In Excel the VLookup function works in a similar way to a Dictionary. You look up an item based on a unique value.
A Simple Example of using the VBA Dictionary
The code below give a simple but elegant example of using the Dictionary. It does the following
- Adds three fruit types and a value for each to a Dictionary.
- The user is asked to enter the name of a fruit.
- The code checks if this fruit is in the Dictionary.
- If yes then it displays the fruit name and the value.
- If no then it informs the user the fruit does not exist.
Sub CheckFruit() ' Select Tools->References from the Visual Basic menu. ' Check box beside "Microsoft Scripting Runtime" in the list. Dim dict As New Scripting.Dictionary ' Add to fruit to Dictionary dict.Add key:="Apple", Item:=51 dict.Add key:="Peach", Item:=34 dict.Add key:="Plum,", Item:=43 Dim sFruit As String ' Ask user to enter fruit sFruit = InputBox("Please enter the name of a fruit") If dict.Exists(sFruit) Then MsgBox sFruit & " exists and has value " & dict(sFruit) Else MsgBox sFruit & " does not exist." End If Set dict = Nothing End Sub
This is a simple example but it shows how useful a Dictionary is. We will see a real world example later in the post. Let’s look at the basics of using a Dictionary.
Creating a Dictionary
To use the Dictionary you need to first add the reference.
- Select Tools->References from the Visual Basic menu.
- Find Microsoft Scripting Runtime in the list and place a check in the box beside it.
We declare a dictionary as follows
Dim dict As New Scripting.Dictionary
Dim dict As Scripting.Dictionary Set dict = New Scripting.Dictionary
Creating a Dictionary this way is called “Early Binding”. There is also “Late Binding”. Let’s have a look at what this means.
Early versus Late Binding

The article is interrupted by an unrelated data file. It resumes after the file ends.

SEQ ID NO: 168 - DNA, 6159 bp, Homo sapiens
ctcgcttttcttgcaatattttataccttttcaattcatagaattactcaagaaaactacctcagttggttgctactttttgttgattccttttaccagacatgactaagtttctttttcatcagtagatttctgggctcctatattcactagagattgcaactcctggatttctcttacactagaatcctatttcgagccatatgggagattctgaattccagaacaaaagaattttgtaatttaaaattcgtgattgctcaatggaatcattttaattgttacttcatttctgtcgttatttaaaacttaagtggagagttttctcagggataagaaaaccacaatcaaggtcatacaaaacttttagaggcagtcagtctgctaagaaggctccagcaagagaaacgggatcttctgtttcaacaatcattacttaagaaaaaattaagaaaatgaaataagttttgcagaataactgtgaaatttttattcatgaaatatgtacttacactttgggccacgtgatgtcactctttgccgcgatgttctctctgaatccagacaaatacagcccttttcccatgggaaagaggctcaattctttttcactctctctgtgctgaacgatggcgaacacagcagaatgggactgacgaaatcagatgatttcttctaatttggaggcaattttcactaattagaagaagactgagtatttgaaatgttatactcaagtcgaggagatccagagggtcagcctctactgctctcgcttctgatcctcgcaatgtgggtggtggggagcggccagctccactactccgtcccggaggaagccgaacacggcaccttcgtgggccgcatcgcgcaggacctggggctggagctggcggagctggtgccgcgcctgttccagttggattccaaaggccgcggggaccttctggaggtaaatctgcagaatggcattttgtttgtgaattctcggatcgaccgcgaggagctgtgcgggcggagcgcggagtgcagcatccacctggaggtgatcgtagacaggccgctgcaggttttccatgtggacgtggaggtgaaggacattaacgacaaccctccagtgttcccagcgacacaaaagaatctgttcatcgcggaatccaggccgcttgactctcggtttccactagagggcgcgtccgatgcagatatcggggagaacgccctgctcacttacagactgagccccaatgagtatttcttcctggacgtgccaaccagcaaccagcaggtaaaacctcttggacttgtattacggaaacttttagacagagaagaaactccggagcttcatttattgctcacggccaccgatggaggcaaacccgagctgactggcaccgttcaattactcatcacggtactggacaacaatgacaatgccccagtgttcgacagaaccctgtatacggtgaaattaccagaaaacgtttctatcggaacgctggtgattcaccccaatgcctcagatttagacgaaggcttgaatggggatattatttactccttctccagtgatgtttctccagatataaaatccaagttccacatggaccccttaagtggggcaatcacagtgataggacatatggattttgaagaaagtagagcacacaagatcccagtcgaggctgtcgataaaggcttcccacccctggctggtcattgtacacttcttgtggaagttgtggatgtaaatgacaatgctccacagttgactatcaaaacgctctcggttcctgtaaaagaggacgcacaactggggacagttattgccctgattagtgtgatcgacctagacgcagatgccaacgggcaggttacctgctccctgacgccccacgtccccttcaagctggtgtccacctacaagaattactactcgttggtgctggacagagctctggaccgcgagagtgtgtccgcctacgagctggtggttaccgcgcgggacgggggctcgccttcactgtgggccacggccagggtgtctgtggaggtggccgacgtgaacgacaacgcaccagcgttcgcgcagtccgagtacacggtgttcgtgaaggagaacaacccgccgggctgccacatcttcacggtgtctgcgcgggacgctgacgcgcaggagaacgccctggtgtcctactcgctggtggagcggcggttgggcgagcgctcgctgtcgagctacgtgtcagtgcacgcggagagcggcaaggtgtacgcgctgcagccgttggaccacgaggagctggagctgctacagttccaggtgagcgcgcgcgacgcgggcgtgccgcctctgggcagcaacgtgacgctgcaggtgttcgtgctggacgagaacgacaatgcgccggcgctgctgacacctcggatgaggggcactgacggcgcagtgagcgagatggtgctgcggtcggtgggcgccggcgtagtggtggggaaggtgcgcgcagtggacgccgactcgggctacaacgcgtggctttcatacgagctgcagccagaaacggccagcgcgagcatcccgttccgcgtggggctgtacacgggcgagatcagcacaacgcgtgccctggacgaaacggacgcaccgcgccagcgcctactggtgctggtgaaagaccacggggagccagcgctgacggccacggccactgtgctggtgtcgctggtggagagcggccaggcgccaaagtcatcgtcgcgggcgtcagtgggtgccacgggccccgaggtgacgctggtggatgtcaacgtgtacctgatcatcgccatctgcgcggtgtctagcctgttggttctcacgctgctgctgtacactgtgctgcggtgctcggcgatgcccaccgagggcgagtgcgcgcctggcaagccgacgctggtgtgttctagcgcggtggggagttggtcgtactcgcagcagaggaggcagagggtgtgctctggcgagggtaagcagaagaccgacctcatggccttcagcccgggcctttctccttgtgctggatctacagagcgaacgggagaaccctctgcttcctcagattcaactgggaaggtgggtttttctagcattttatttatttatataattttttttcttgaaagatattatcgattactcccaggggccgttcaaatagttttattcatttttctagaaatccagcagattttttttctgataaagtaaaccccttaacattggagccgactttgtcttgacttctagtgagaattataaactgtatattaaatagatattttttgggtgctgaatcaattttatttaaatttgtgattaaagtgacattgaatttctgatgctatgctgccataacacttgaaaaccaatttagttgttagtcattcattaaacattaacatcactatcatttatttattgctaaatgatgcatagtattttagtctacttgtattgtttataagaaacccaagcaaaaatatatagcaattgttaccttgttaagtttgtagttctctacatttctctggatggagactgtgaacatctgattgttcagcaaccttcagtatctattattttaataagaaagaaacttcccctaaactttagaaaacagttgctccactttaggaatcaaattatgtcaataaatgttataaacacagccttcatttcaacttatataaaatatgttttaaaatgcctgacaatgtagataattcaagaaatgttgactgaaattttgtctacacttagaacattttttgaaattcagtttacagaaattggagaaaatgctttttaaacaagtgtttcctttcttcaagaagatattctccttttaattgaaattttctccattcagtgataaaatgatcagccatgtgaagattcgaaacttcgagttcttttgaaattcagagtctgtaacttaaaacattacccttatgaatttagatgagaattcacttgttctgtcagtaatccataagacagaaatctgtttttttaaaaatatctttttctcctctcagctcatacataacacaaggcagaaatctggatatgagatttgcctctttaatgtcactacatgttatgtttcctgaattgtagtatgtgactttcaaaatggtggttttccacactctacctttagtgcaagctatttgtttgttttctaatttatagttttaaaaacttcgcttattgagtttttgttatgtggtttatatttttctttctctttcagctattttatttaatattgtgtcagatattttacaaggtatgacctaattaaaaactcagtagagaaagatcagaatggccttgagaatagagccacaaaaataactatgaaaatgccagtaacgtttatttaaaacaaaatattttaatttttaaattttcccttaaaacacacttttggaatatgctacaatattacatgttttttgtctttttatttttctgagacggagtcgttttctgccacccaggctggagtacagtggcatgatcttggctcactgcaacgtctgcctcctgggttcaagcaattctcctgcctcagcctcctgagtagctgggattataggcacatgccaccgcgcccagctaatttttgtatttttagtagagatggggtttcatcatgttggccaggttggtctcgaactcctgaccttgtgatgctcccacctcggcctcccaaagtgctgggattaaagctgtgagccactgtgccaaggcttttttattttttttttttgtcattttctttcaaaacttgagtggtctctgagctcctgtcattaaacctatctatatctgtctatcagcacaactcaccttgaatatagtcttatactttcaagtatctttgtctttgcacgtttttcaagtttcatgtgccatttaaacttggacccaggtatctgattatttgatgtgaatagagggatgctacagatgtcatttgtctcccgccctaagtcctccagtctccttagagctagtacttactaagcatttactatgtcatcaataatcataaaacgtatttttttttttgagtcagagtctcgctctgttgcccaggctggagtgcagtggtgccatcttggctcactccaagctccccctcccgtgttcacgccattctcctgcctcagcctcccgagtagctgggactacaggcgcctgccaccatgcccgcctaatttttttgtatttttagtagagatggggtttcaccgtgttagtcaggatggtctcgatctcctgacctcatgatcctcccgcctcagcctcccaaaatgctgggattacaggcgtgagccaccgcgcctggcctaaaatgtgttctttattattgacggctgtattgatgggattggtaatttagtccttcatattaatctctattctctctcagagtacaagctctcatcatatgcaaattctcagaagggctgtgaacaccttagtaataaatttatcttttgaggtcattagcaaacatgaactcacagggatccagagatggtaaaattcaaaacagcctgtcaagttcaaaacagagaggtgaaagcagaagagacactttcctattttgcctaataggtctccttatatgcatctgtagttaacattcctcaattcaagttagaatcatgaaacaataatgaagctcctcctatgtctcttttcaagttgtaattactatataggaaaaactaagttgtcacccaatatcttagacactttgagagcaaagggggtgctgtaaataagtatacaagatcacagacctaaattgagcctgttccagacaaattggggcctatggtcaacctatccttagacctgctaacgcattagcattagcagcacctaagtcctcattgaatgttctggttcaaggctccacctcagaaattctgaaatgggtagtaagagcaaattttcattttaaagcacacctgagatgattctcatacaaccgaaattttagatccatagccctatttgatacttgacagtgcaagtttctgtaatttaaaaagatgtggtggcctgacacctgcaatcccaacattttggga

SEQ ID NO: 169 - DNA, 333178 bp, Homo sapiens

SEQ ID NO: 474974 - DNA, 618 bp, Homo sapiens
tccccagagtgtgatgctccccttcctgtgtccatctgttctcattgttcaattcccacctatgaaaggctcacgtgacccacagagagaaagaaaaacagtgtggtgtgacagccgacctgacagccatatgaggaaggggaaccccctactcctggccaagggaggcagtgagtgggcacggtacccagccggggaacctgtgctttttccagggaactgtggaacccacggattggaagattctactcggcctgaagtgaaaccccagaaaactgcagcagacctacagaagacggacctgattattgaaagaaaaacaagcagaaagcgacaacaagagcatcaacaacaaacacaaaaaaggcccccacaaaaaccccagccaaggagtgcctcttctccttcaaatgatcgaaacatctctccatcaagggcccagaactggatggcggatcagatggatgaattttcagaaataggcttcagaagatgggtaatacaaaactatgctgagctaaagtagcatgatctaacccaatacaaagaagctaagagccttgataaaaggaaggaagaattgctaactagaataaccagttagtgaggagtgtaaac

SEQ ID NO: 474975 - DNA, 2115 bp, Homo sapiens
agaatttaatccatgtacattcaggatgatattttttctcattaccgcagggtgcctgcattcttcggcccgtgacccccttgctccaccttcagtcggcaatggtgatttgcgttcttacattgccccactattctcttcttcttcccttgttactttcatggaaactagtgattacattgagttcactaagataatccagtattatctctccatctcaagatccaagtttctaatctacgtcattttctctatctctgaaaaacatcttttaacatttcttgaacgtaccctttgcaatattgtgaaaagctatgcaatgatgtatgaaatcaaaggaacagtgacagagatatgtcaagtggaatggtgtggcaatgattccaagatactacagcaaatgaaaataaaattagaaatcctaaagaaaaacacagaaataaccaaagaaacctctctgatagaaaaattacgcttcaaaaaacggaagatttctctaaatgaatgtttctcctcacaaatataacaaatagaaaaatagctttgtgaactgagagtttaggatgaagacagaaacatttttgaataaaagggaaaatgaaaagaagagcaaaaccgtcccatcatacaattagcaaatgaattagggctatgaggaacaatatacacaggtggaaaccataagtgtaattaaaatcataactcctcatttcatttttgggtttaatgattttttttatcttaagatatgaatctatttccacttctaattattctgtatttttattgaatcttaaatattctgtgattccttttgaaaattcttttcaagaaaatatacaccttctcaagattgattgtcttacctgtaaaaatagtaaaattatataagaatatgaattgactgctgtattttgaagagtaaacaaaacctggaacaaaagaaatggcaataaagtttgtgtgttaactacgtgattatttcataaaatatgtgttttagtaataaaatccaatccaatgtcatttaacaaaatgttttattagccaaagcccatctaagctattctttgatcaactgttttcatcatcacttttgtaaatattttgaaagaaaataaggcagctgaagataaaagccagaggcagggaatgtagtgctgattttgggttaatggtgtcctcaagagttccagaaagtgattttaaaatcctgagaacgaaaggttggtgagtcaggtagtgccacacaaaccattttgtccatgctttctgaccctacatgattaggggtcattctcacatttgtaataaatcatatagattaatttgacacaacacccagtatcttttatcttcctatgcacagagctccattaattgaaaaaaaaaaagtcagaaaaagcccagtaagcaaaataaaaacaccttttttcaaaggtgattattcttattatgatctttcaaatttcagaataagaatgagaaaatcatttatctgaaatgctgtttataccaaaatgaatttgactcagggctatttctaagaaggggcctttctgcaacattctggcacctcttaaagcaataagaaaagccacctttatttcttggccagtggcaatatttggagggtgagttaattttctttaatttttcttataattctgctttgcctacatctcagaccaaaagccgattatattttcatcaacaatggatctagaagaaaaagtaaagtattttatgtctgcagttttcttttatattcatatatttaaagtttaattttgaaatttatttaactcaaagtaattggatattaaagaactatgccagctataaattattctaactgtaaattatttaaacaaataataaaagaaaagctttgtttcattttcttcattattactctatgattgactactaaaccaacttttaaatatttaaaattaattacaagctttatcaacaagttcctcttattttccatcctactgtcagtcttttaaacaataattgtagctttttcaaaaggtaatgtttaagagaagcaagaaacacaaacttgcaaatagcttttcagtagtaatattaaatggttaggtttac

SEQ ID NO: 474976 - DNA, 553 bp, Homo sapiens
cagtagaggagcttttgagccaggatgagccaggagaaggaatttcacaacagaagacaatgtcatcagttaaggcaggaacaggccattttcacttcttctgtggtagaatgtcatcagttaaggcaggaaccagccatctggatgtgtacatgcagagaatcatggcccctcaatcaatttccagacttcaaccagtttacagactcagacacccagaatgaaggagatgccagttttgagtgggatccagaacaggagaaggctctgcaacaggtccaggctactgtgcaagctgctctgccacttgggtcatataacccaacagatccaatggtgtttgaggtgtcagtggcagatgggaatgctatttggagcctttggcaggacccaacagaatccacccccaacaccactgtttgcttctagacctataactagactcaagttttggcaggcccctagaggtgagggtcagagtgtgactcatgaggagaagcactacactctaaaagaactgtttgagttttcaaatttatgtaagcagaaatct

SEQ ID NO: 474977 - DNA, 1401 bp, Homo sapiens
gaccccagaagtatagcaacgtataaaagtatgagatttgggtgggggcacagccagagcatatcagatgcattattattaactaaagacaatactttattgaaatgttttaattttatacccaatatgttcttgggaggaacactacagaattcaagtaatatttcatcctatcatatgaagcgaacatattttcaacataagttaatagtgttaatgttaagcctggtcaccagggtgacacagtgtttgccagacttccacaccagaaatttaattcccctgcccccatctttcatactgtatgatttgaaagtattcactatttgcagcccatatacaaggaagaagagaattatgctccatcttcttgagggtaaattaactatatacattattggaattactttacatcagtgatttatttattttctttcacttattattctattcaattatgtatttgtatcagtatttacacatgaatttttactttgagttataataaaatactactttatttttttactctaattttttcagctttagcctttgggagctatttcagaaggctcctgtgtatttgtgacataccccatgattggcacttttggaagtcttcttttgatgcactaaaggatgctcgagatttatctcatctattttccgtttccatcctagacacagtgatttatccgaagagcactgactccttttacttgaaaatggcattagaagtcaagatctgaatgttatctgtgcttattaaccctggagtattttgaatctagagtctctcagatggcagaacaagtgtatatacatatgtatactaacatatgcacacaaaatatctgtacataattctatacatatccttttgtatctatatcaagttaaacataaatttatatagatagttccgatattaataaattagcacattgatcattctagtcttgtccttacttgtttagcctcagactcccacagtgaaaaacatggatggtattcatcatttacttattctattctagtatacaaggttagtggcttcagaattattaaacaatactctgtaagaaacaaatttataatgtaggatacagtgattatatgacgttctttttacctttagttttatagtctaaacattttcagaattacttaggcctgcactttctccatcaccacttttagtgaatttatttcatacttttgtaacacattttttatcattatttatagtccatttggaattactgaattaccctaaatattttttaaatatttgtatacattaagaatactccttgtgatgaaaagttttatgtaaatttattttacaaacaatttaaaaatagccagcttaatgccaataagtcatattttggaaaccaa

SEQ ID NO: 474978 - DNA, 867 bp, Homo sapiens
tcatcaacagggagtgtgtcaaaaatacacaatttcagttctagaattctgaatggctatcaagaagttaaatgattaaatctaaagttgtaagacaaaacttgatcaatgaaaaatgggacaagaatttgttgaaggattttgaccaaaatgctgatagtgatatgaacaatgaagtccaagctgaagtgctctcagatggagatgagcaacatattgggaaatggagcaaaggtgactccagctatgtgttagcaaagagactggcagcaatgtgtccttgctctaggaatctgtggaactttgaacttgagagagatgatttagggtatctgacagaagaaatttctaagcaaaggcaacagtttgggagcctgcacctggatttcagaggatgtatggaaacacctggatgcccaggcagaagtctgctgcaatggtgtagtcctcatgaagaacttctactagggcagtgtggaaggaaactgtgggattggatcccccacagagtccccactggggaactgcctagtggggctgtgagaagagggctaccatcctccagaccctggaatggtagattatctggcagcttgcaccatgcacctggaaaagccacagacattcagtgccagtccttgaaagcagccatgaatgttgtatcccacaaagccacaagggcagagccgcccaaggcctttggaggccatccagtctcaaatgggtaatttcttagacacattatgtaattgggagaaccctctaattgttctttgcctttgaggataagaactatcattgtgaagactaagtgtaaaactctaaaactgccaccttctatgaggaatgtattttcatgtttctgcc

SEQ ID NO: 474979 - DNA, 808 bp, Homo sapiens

To create a Dictionary using Late binding we use the following code. We don’t need to add a reference.
Dim dict As Object Set dict = CreateObject("Scripting.Dictionary")
In technical terms Early binding means we decide exactly what we are using up front. With Late binding this decision is made when the application is running. In simple terms the difference is
- Early binding requires a reference. Late binding doesn’t.
- Early binding allows access to *Intellisense. Late binding doesn’t.
- Early binding may require you to manually add the Reference to the “Microsoft Scripting Runtime” for some users.
(*Intellisense is the feature that shows you the available procedures and properties of an item as you are typing.)
Microsoft recommends that you use early binding in almost all cases.
Adding Items to the Dictionary
|Add||Key, Item||dict.Add "Apples", 50|
We can add items to the dictionary using the Add function. Items can also be added by assigning a value which we will look at in the next section.
Let’s look at the Add function first. The Add function has two parameters: Key and Item. Both must be supplied
dict.Add Key:="Orange", Item:=45 dict.Add "Apple", 66 dict.Add "12/12/2015", "John" dict.Add 1, 45.56
In the first add example above we use the parameter names. You don’t have to do this although it can be helpful when you are starting out.
The Key can be any data type. The Item can be any data type, an object, array, collection or even a dictionary. So you could have a Dictionary of Dictionaries, Array and Collections. But most of the time it will be a value(date, number or text).
If we add a Key that already exists in the Dictionary then we will get the error
The following code will give this error
dict.Add Key:="Orange", Item:=45 ' This line gives an error as key exists already dict.Add Key:="Orange", Item:=75
Assigning a Value
|Assign||Dictionary(Key) = Item||dict("Oranges") = 60|
We can change the value of a key using the following code
dict("Orange") = 75